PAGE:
Tags: resurgence | tropical | disease | US | Chagas | chikungunya

Resurgence of Tropical Diseases in US

By    |   Thursday, 13 Aug 2015 12:41 PM


The United States is seeing a resurgence of tropical diseases, and the medical profession may be unprepared to deal with them. While many experts were concerned last year over the spread of Ebola, others were concerned about other tropical diseases that they say are bigger threats, particularly Chagas, chikungunya, and dengue. Although Ebola could be stopped by quarantining it's victims, Chagas, chikungunya, and dengue are spread by mosquitoes which can't be contained by borders. All were reported in the United States last year.

Those three diseases are only the tip of the iceberg, according to experts. For example, cysticercosis, toxocariasis, toxoplasmosis, and trichomoniasis are four parasitic infections that occur in the United States, although many U.S. doctors are unfamiliar with them.

Some of the tropical diseases, such as Chagas, are too rare in this country for the big pharmaceutical companies to spend the money to develop treatments, even though the CDC says it affects approximately 300,000 Americans. Drugs to treat it aren't approved by the FDA, and must be acquired directly from the CDC.

Other tropical diseases, such as chikungunya which affected more than 1,600 Americans last year, have no treatment. Dengue has also been reported in the U.S., and scientists fear it is spreading, especially in the South.

Many of the patients who contract these exotic diseases have never left the United States, says an article published in MedicalXpress. Such diseases thrive in warm, humid climates and in poverty, which makes the American South vulnerable.

Tropical diseases have always affected the South, with signs of Chagas disease being spotted in human remains from 1,000 years ago. Europeans settling in the United States were subjected to repeated epidemics of malaria, yellow fever, and dengue.

In 1793, 5,000 people died of yellow fever in Philadelphia during a three-month period, and in 1878, an epidemic killed 5,000 residents of Memphis — about a third of its population. New Orleans was subjected to an epidemic in 1905.

The Centers for Disease Control was created in 1946 to deal with malaria, and established its headquarters in Atlanta, specifically because it was ground zero for the disease.

Better sanitation and the advent of antibiotics made tropical diseases seem a thing of the past, and few scientists, including doctors, specialized in them. "People thought that specializing in infectious diseases would be a waste of time because they would soon be history," Lucas Blanton, an infectious disease physician at the University of Texas Medical Branch, told MedicalXpress.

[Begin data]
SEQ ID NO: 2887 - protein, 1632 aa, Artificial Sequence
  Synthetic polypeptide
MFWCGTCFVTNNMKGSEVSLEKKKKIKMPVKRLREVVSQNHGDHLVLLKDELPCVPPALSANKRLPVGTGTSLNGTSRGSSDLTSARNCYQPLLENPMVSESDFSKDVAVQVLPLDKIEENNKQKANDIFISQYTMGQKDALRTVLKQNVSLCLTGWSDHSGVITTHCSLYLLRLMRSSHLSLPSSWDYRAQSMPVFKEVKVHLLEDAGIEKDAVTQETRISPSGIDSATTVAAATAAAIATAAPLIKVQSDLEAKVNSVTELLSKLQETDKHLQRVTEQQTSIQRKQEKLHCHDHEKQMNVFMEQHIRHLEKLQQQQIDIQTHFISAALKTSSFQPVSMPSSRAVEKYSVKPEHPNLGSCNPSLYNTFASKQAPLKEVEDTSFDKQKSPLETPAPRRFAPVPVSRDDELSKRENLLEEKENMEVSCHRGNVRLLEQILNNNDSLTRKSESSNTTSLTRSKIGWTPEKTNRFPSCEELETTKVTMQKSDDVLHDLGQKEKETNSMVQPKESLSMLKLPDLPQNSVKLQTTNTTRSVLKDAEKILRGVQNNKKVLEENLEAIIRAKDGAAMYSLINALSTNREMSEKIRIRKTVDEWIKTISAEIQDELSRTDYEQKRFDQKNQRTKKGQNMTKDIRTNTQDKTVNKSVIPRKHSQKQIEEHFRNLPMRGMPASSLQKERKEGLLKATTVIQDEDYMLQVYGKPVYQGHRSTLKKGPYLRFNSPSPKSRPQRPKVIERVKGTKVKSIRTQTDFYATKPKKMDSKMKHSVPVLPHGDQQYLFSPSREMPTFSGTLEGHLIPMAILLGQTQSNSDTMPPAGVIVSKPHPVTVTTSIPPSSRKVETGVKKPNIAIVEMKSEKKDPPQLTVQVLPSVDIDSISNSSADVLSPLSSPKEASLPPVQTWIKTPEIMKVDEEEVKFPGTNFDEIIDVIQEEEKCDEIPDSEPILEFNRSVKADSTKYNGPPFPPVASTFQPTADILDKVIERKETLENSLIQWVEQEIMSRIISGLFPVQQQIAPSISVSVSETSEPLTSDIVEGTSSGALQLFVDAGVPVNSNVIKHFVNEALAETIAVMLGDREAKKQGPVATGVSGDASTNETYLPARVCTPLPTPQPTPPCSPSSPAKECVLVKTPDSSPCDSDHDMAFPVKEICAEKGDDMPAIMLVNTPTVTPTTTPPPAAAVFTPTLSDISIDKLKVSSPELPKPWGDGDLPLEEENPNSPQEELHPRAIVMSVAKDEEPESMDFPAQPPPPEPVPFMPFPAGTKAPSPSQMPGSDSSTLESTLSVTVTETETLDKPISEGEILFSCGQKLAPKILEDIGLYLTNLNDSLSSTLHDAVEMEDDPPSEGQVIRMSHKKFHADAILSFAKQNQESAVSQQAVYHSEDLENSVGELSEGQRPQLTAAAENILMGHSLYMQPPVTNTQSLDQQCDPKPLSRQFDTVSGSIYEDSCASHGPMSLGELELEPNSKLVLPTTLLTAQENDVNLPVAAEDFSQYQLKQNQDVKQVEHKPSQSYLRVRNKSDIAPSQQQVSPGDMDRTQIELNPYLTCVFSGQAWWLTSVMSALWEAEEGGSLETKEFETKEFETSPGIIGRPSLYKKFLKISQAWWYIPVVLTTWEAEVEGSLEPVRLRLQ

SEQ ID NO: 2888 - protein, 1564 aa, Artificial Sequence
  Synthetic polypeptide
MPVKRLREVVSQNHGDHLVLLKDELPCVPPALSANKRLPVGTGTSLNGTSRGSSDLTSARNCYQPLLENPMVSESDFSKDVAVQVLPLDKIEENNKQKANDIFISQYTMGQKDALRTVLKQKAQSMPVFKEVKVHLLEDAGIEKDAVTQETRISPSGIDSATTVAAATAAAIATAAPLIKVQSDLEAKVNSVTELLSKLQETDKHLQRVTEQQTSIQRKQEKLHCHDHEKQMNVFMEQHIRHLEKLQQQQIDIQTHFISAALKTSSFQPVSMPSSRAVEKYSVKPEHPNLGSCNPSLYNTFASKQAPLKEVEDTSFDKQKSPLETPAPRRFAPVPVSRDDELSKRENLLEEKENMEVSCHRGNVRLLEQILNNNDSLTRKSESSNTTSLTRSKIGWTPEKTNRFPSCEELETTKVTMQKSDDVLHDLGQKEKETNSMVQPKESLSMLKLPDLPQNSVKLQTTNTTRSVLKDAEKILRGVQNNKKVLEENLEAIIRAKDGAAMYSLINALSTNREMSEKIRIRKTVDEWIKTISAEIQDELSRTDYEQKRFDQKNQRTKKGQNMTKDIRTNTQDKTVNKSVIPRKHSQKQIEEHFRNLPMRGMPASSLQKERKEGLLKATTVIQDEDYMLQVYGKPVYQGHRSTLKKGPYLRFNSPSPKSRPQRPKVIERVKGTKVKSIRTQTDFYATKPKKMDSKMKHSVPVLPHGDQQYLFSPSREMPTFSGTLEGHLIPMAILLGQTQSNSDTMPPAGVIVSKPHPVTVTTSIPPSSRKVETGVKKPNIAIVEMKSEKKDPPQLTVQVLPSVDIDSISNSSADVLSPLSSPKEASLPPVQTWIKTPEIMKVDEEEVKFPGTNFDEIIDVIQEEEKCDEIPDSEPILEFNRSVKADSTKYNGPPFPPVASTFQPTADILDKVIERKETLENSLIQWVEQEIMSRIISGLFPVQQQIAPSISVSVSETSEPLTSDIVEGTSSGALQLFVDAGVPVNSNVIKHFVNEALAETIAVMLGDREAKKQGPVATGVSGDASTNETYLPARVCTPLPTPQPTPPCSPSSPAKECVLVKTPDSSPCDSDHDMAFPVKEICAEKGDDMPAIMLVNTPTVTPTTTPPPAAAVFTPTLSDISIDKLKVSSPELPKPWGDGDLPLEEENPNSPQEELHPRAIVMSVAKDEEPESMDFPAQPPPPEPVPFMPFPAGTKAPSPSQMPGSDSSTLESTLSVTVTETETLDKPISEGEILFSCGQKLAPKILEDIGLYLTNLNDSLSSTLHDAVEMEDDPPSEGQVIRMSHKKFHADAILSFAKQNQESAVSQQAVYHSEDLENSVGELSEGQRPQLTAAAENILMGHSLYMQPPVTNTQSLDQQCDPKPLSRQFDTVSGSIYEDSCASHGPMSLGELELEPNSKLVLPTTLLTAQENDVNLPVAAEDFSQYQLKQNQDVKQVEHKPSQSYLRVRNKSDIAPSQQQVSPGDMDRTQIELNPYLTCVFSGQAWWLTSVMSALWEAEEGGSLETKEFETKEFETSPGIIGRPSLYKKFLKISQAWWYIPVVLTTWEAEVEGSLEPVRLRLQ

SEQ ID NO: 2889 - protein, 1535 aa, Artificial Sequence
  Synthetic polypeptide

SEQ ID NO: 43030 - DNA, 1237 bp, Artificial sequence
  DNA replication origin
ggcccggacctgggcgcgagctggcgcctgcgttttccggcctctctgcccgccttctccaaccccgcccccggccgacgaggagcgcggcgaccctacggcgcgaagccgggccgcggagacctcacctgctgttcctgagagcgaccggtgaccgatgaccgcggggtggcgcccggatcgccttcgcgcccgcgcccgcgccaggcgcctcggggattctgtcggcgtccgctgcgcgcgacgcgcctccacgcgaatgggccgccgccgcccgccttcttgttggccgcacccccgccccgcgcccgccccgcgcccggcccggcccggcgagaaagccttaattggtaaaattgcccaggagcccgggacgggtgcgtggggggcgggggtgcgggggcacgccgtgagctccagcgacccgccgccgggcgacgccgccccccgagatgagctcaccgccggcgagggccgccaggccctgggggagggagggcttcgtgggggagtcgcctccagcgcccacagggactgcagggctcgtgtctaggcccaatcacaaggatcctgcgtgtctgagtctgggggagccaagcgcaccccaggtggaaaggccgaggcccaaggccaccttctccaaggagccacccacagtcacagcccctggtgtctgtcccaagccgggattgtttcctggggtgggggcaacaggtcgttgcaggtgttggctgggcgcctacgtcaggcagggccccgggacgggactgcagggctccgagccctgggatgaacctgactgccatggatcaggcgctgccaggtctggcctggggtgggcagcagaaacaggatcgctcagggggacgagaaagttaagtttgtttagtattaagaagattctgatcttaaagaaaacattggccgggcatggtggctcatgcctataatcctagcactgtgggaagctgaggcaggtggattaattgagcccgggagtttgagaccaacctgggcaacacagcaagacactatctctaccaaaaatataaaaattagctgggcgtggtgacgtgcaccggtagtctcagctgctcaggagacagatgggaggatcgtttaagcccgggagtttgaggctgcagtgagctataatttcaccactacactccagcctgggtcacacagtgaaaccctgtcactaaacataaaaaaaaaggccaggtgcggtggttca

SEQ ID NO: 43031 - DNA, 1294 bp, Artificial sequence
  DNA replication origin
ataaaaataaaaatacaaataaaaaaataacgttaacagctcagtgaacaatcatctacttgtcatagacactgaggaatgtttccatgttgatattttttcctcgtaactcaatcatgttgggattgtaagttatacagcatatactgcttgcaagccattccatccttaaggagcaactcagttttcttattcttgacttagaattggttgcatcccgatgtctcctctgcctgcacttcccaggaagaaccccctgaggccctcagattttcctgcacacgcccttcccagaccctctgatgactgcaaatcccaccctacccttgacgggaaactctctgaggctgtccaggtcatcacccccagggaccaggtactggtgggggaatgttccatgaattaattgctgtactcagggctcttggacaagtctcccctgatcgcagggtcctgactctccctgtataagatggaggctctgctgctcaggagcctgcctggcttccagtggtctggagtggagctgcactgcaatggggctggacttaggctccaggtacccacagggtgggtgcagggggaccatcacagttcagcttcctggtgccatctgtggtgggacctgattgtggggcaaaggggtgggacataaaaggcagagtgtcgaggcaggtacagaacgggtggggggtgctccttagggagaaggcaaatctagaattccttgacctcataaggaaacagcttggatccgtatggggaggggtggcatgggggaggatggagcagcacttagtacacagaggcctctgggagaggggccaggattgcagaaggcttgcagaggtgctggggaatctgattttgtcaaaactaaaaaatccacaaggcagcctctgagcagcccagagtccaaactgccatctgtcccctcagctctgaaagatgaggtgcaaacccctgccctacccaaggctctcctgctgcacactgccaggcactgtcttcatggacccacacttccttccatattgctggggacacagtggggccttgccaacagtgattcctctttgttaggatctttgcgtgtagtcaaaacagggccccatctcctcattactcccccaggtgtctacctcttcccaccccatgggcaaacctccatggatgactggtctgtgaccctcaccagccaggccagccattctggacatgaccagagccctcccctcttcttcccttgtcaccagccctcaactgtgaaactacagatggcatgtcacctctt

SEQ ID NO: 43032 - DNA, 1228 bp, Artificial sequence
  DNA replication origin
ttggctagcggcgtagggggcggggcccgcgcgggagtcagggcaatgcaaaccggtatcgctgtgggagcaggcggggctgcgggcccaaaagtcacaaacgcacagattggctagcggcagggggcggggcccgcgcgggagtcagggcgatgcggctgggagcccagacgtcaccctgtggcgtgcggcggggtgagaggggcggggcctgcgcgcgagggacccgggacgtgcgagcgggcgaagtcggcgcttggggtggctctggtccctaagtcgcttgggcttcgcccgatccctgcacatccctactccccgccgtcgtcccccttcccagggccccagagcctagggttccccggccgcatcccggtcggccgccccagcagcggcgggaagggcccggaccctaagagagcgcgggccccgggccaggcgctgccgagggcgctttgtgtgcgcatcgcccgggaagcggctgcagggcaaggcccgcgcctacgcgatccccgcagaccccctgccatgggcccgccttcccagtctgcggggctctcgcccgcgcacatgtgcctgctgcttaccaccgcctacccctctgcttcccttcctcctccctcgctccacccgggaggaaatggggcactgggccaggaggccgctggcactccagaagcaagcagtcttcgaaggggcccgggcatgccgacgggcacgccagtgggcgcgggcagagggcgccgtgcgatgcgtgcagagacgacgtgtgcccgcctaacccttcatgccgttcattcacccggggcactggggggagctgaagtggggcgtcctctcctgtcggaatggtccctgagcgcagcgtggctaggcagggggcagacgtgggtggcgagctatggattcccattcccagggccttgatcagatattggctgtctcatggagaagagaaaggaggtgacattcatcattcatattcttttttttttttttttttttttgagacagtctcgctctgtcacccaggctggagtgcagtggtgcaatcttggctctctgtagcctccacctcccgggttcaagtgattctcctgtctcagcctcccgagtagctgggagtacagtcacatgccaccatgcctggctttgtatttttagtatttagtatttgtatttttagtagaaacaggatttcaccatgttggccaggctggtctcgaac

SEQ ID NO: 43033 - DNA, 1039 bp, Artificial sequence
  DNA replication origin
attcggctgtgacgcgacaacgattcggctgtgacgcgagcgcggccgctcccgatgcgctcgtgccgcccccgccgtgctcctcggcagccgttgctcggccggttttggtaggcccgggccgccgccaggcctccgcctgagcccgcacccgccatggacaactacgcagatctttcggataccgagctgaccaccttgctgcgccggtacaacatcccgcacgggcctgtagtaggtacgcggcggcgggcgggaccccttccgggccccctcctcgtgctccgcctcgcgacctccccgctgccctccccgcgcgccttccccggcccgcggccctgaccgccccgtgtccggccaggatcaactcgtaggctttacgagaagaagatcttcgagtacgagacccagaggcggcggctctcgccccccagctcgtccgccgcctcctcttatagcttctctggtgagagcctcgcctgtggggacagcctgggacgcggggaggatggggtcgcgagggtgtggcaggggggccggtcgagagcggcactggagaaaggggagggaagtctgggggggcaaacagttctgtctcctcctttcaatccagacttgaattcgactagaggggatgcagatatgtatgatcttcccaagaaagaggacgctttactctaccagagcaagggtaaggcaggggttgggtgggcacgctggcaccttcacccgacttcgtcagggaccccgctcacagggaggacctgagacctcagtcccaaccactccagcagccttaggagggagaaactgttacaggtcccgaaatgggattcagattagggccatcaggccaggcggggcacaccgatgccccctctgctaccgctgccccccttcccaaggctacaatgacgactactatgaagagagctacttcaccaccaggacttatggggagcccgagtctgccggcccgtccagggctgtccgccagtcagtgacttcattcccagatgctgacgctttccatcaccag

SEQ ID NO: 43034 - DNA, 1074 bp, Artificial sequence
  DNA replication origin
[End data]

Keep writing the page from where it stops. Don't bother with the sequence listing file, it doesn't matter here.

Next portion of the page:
Most tropical diseases could be traced to a patient's travels. But infectious diseases of the past have begun to make a comeback among those who have never traveled, and diseases, such as Chagas, which had never been found in people who had not traveled outside the United States, is beginning to be recognized as a major problem in Texas. According to MedicalXpress, a 2014 study showed that one out of every 6,500 people in Texas who donated blood screened positive for Chagas, which is almost 50 times more than the CDC's estimate. If not treated early, Chagas eventually causes heart failure.

Infectious disease physician Peter Hotez believes that other infectious diseases, such as hookworm and cysticercosis, which are caused by worms that infect the digestive system, are rampant in the South due to unsanitary conditions caused by poverty. They, in turn, cause other diseases, such as asthma, and lead to cognitive delays and behavioral problems, which result in low-paying jobs which continues the cycle of poverty.

"So many of these neglected tropical diseases are not acute infections like…the flu or common cold," Hotez told MedicalXpress. "Many are chronic, debilitating conditions that mimic non-communicable diseases… If somebody has epilepsy, they don't think of cysticercosis… If a child tests poorly in school, the pediatrician or nurse practitioner won't think of toxocariasis."

Now that diseases like Chagas are spreading in the United States, Hotez says unless health professionals become better educated and better treatments are developed, the numbers of people affected will continue to grow.

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The United States is seeing a resurgence of tropical diseases, and the medical profession may be unprepared to deal with them. While many experts were concerned last year over the spread of Ebola, others were concerned about other tropical diseases that they say are bigger...
resurgence, tropical, disease, US, Chagas, chikungunya
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2015-41-13
Thursday, 13 Aug 2015 12:41 PM
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